Looking back and looking ahead

January is generally the month in which we reflect on the past and think about the year ahead. For the Ethnologue, however, our year begins and ends in February. Later this month, on International Mother Language Day (February 21st), we'll release the 19th edition of the Ethnologue. So we have something to look forward to and I'll talk about some of the changes you'll be seeing as that new edition is made available.

For me personally, however, this is also a time to reflect on the last 10 years of my participation in this amazing research project.  I'll be stepping down from my editorial role right after the 19th edition is launched, so part of this post will also be some reflections on the changes and improvements that I've been privileged to be part of. This will also be my last posting here, so look for a new voice and some new perspectives in this space in the months to come.

I'll do the retrospective first as that might set a better context for those who aren't real familiar with the Ethnologue and for the launch of the next edition.

When I joined the Ethnologue team in late 2004 the 15th edition was just coming (literally) off the press.  The database was managed on a desktop computer using SIL's venerable Shoebox program. Though the actual Shoebox file was accessible over our internal network, only one user at a time could be working in the database at any one time. So we managed having multiple users by passing around a flag which sat on the desk of whomever was authorized to be in the database at that moment. When it came time to publish we passed off the data to a programmer who did all the necessary conversions to turn "database" into "typesetting" and then that got turned into page proofs, which after proofreading and copyediting got sent off to a printer.  The process took months and we were grateful at the time that we only had to do it once every four years.  It was only after the books were well on their way that we then did another data conversion to update the website.

As I've described previously, we've come a long way since then with some astounding technological changes but more importantly with an evolving and growing research agenda that has adapted to the emergence of widespread concern for language endangerment and a growing interest in the role of language in education,  the effect of policy on language use and vitality, the increasing presence of digital language use and internet communications technologies.  At the same time, the role of information, "big data," in analyzing and understanding the state of the world turned the Ethnologue's collection of information into potentially actionable data that could be mined for insights and perspectives. From a quadrennial printed reference book, the Ethnologue gradually grew into one of the go-to online resources for those who wanted to know about languages globally as well as individually.  It has been a fun ride that has been both intellectually stimulating and mentally and professionally challenging.

With the 19th edition we continue that trajectory of growth and expansion. Much of what we are adding in this edition isn't immediately visible but the behind-the-scenes development work we have been doing will enable the Ethnologue to better serve its multiple audiences. I've talked about our growing corps of Field Contributors who are using OSCAR (our online interface) to update and improve the information about the languages that they know best. That has already resulted in many more updates and corrections than we would have been able to process in the past.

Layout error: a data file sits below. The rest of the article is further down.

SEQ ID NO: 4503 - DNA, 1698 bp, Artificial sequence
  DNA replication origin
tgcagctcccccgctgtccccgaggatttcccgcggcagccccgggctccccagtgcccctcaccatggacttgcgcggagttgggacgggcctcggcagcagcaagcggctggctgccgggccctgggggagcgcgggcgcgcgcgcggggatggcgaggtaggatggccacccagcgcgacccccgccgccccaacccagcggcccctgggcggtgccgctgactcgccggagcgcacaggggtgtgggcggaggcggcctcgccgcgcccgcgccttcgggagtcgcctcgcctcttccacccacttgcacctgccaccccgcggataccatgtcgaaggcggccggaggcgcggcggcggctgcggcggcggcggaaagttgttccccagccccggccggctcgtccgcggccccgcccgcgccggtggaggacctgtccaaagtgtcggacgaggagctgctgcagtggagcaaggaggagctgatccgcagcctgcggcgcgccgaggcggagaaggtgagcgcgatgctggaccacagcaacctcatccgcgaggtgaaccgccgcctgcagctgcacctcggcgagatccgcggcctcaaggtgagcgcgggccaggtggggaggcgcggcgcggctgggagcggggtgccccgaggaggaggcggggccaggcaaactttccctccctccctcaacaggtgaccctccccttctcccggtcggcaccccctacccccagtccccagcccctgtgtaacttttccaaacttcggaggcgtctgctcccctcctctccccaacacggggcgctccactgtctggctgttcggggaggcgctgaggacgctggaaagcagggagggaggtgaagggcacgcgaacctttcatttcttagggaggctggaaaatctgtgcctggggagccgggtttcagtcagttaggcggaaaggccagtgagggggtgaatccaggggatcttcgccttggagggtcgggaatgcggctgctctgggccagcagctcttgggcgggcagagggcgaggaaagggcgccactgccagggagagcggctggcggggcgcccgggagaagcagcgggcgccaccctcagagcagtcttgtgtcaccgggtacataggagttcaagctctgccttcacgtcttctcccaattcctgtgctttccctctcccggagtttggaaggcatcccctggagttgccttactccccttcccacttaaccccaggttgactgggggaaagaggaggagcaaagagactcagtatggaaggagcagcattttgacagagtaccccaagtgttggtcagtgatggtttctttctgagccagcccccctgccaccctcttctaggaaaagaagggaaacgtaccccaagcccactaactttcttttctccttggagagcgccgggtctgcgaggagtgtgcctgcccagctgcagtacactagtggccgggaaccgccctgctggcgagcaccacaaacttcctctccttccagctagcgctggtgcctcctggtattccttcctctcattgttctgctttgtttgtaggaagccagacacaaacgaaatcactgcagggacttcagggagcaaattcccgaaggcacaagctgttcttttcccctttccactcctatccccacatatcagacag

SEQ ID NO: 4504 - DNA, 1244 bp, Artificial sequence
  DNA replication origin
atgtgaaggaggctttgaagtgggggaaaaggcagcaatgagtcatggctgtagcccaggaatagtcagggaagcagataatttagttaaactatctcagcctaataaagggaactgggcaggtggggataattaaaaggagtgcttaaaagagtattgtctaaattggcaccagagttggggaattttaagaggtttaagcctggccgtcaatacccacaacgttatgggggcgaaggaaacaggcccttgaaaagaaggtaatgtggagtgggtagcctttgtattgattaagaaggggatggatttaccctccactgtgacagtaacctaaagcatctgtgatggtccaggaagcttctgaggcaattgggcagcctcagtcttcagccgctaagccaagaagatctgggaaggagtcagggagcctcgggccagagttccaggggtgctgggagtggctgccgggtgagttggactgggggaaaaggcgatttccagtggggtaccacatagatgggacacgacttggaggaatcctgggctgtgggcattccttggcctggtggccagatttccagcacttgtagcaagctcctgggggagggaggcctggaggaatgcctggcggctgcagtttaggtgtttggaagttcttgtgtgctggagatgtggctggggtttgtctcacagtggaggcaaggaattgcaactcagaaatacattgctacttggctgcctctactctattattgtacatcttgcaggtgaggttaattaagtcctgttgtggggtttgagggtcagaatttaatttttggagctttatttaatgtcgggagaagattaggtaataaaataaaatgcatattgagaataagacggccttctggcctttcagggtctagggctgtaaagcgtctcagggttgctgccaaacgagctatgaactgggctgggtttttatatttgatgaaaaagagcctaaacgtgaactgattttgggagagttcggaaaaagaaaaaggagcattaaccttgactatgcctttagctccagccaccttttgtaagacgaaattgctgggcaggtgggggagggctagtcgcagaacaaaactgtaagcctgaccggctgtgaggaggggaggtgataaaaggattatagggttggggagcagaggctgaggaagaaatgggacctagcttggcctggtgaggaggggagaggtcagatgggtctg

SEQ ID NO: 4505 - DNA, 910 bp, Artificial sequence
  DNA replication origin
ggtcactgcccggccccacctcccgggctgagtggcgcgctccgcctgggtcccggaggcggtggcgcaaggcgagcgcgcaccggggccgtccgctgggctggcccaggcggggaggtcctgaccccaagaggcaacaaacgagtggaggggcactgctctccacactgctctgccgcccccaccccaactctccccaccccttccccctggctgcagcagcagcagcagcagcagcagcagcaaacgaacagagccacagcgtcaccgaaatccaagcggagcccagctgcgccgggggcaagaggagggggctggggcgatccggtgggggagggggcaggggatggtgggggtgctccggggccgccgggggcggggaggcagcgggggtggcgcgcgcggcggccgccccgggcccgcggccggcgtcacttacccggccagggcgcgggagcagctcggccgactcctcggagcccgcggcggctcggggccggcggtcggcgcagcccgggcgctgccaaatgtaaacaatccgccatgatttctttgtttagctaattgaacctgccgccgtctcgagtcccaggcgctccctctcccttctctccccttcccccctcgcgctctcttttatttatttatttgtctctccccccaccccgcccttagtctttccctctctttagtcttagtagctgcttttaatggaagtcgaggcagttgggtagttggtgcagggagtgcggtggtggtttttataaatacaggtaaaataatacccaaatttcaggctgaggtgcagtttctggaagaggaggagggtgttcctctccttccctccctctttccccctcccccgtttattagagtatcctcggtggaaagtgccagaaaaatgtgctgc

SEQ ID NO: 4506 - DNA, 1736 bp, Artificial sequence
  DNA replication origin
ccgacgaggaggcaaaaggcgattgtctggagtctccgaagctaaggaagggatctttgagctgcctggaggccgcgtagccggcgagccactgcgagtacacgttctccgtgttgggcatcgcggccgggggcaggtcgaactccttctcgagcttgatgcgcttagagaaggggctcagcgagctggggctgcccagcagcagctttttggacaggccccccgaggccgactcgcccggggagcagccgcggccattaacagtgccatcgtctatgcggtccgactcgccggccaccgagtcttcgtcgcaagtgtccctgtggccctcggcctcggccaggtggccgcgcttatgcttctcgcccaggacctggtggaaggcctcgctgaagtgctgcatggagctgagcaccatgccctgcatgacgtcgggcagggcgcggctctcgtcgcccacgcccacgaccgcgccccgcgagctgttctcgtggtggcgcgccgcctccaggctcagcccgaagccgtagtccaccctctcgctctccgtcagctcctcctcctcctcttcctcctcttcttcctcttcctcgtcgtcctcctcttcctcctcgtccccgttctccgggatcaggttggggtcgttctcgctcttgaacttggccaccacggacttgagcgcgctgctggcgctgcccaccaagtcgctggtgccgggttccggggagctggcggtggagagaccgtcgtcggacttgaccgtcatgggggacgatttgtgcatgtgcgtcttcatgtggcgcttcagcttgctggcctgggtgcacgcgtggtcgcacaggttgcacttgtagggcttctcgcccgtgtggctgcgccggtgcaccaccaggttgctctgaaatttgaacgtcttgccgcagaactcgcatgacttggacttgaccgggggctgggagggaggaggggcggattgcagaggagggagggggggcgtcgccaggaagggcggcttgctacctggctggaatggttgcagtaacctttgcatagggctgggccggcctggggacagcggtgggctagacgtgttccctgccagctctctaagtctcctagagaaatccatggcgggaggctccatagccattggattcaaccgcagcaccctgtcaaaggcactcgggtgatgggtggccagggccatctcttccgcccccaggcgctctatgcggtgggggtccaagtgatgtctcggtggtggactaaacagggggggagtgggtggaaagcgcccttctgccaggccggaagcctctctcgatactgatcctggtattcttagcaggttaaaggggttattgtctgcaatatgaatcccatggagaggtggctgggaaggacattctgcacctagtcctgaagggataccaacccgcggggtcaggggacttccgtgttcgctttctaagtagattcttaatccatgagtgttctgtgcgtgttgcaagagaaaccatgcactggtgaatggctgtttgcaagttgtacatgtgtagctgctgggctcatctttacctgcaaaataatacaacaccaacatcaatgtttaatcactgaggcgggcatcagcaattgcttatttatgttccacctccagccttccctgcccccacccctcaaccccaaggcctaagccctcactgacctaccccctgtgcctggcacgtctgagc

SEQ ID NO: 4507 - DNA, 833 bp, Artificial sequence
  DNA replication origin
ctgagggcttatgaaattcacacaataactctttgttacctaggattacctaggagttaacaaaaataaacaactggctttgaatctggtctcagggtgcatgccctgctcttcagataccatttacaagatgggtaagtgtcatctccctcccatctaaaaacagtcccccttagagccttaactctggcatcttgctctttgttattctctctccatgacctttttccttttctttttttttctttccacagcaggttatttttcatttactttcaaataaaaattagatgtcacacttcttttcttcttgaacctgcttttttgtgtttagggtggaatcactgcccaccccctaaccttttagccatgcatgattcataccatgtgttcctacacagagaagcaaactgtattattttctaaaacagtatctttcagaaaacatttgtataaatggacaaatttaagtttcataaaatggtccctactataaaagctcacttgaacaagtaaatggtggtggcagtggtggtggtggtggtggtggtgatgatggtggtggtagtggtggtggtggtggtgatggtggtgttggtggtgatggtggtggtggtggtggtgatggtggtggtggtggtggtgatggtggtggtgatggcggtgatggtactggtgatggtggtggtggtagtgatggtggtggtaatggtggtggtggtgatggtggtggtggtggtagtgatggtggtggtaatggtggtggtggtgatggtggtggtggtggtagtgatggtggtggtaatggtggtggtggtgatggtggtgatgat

More visibly, you'll notice a few new data items that are reported on (not for every language yet, but for a substantial and growing number of them).  For example, we are newly reporting the names of language planning and development agencies which are working with language communities.  In most cases those agencies are local community-based organizations that are promoting the maintenance and revitalization of their own languages. And, by restructuring our database, we have greatly enhanced our ability to track and report second-language use. Our data is still incomplete in that regard but as it grows, you can expect to see each subsequent edition providing more and more useful information on multilingualism and language contact.

One of the stellar contributions of Ethnologue over the years has been the language maps that enrich our understanding of where language communities are located.  The maps have developed dramatically as the technology available to produce them and the expertise of our cartographic team has grown, and the team itself has expanded.  In the 19th edition, expect to see several revisions of existing maps, expansions of some maps from one to two (or more) pages, and the addition of some maps that were not previously available.

All of this growth and development has been accomplished through the tireless efforts of a growing team of people. From the work of a single person, to a two-person team, to a three-person office, to the far-flung international team that we now have, the production of each new edition of the Ethnologue requires an immense amount of teamwork and collaboration. The next few weeks will demonstrate that once again. I'm thankful to my co-editors, the Ethnologue staff of research assistants, and most especially the host of collaborators, contributors, and colleagues who have allowed me to be part of this grand effort.


Submitted by Richard Robinson on Wed, 2016-02-17 11:52
Just a note to ask Paul if he was in Guatemala in the last third of 20th C. I think I may have met him there. Congratulations on your work, as you step down, I'm now serving in Peru, working with indigenous peoples. Dick Robinson